14ymedio, Juan Diego Rodríguez, Havana, 28 September 2022 — In La Coloma (Pinar del Río), where Hurricane Ian reached its maximum strength on Tuesday as it passed over the Island, people just want to leave. “If my family comes out of this one, they won’t stay more than six months in Cuba,” bemoans a Miami-based Cuban woman whose parents and brother live in the Pinar del Río municipality.
The woman lost communication with them yesterday, but during their last phone call they told her that the roof of their house had torn off and the flood waters were knee high. The family has animals and crops. “I’ve spent years insisting they leave, but my father would say to me that he didn’t want to leave his little farm, but now everything is destroyed and it will be cheaper for me to pay their exit through Nicaragua than to rebuild their lives in La Coloma.”
They all fear that the day after the storm will arrive with greater scarcity and with it an increasing exodus, which has already reached unprecedented levels for Cuba.
On Wednesday Havana was a city operating at half steam. Most neighborhoods in the capital city awoke without electricity, the water supply shut down due to the lack of electricity and the winds from Ian seem to have given flight to inflation and increasing food prices.
“A bag of six rolls reached 250 pesos yesterday afternoon and 300 by night,” said one of the residents of Los Sitios, who said that today, “vendors have not passed and in the neighborhood they speculate that when they return, it will cost even more.”
During a trip through Centro Habana, La Habana Vieja and Nuevo Vedado, we witnessed dozens of giant trees uprooted by the powerful winds and strewn across the streets. “And the storm didn’t even pass through here,” remarked an old woman at the Parque Central.
Furthermore, several street lights had also fallen.
The anxiety over searching for missing food, even before the hurricane, had once again became a tonic in the streets of the capital, where several businesses tried to sell what was left at their doorsteps, before it spoiled due to the lack of electricity following the collapse of the National Electric System (SEN).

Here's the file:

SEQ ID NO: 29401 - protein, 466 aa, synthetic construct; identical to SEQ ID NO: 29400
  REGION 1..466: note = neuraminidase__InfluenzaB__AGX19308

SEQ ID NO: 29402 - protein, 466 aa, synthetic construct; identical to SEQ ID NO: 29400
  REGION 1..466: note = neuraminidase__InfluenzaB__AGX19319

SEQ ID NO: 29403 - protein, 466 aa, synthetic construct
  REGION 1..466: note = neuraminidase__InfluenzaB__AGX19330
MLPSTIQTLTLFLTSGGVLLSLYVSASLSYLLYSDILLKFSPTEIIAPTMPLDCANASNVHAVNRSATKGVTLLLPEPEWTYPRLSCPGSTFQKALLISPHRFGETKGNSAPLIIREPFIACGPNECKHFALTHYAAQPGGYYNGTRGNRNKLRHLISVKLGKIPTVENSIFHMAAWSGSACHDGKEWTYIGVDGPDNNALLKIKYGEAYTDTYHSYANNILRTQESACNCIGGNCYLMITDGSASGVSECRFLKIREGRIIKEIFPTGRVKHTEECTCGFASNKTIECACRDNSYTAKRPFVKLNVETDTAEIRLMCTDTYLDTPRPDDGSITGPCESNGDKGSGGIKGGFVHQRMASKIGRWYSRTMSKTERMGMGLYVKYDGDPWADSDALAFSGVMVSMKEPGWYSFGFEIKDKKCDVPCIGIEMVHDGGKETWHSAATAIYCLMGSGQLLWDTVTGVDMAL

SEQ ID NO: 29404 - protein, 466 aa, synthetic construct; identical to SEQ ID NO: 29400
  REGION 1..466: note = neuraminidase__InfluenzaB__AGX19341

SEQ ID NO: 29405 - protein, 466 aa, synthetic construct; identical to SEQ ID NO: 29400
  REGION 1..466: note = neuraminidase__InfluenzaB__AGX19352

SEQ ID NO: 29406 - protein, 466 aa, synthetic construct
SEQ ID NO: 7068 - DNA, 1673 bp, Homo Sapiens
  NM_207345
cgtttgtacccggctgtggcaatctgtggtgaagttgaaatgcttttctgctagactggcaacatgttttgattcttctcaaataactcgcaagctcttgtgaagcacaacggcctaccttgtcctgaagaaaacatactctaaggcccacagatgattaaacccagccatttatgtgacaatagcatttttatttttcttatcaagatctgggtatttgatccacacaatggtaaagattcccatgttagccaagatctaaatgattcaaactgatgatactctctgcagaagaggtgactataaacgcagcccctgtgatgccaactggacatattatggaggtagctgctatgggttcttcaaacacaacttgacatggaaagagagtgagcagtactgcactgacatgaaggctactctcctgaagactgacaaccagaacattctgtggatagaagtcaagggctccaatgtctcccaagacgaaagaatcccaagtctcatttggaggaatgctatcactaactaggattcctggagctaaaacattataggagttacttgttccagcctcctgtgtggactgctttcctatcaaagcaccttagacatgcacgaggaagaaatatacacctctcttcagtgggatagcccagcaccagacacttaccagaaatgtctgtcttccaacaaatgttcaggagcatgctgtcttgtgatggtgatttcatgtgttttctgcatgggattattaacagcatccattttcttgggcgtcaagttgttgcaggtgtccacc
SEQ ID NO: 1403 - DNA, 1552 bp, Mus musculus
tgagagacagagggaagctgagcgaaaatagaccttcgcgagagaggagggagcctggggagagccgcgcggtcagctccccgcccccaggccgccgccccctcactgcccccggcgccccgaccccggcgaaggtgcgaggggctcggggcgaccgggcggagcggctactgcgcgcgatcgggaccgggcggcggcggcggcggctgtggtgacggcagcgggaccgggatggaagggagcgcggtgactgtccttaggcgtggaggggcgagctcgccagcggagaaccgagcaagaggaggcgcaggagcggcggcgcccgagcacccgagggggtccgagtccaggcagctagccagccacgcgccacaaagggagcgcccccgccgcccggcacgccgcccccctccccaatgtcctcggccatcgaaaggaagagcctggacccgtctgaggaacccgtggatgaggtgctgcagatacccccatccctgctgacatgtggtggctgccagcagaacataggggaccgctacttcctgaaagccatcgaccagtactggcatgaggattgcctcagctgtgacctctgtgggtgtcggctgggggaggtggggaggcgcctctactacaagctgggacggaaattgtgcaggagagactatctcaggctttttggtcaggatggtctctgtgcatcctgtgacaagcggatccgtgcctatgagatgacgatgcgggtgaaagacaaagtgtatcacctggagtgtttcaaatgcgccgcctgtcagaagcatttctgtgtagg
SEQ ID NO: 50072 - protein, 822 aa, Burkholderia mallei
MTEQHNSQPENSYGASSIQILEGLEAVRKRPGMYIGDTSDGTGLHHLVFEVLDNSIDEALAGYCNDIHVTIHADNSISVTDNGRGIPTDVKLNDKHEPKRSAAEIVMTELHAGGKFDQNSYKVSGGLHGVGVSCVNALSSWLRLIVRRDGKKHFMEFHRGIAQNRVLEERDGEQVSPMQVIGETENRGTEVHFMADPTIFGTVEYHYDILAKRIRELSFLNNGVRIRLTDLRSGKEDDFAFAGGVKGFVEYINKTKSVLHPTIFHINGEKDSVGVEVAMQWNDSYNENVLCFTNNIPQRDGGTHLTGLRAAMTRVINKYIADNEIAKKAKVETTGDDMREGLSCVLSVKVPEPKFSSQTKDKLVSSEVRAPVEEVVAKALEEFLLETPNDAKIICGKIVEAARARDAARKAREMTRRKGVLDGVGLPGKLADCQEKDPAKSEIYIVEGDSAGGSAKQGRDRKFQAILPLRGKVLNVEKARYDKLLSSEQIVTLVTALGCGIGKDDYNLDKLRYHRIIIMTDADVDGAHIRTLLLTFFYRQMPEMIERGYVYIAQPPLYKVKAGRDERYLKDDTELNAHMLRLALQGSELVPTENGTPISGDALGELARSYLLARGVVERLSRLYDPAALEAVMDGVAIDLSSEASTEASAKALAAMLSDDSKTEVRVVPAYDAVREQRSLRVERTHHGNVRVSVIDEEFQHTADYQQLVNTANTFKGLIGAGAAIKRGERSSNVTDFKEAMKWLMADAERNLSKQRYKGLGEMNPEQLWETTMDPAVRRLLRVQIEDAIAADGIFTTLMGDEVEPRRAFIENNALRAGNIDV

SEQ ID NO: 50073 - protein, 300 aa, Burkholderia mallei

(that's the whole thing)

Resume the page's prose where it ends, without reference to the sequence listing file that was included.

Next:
Pushcart salesmen here and there were some of the few options to purchase food.
The windows of Plaza de Carlos III were all shuttered, and not for the hurricane’s passing. On Monday, the eve of Ian, they were not covered but on Wednesday they were protected, in all likelihood to prevent thefts and destruction amid the widespread blackout.
On the corner of Campanario and Condesa, in Centro Habana, a car had been destroyed by the remains of the old building which once stood in that location, now an enormous parking lot. “Luckily it did not fall on anyone’s head,” said the resigned owner of the vehicle.
In Nuevo Vedado, residents of some of the buildings cleared their surroundings of fallen branches and shrubery, but one of them complained, “the large trees remain strewn there, because they need machinery and we have not seen the State appear anywhere.”
One of the urgent needs was charging telephones, a fundamental communication tool not only for their family and friends, but the world. Thus, it was interesting to see many people charging their mobile phones in hospital hallways, such as Calixto García or Hermanos Ameijeiras, as well as in hotel doorways.
Another worry among Havana residents today was water. Some buildings have pumps but they stopped working when SEN went down this afternoon. Although in many apartments people have water tanks, as the time goes on, these are depleted.
For higher floors it is crazy to try to carry water up the stairs, which in addition are wet and dirty, some for lack of windows for many years now.
Meanwhile, in that same area, the Ministry of Agriculture’s generator has been running for over 24 hours and its humming fills the area. “At least when we stop hearing it we’ll know the power is back on,” one resident said ironically.
On September 28th, the day officials traditionally celebrate the anniversary of the founding of the Committees for the Defense of the Revolution (CDR), there’s been no time for revelry nor for slogans of triumph.
In Nuevo Vedado, an enthusiastic CDR member shouted to her neighbors for several long minutes from a 12 story building for them to collaborate in making the traditional stew.
“Let’s go, give some taro, some yucca, a yam for the stew! Or a bit of money to go buy at the market!” she shouted for a good while; a man with a booming voice joined her, “Let’s go to the CDR stew!” The lack of enthusiasm and the discomfort for lack of electricity weighed down the collaborations and finally the enthusiastic organizers canceled the initiative.
On Tuesday night, after the winds of Hurricane Ian died down, in Havana only the fires were alight. Ironically, in the largest Cuban city, one of the only illuminated areas was Turkey’s floating power plant anchored at the port, a power plant full of light in a city of darkness.
Translated by: Silvia Suárez
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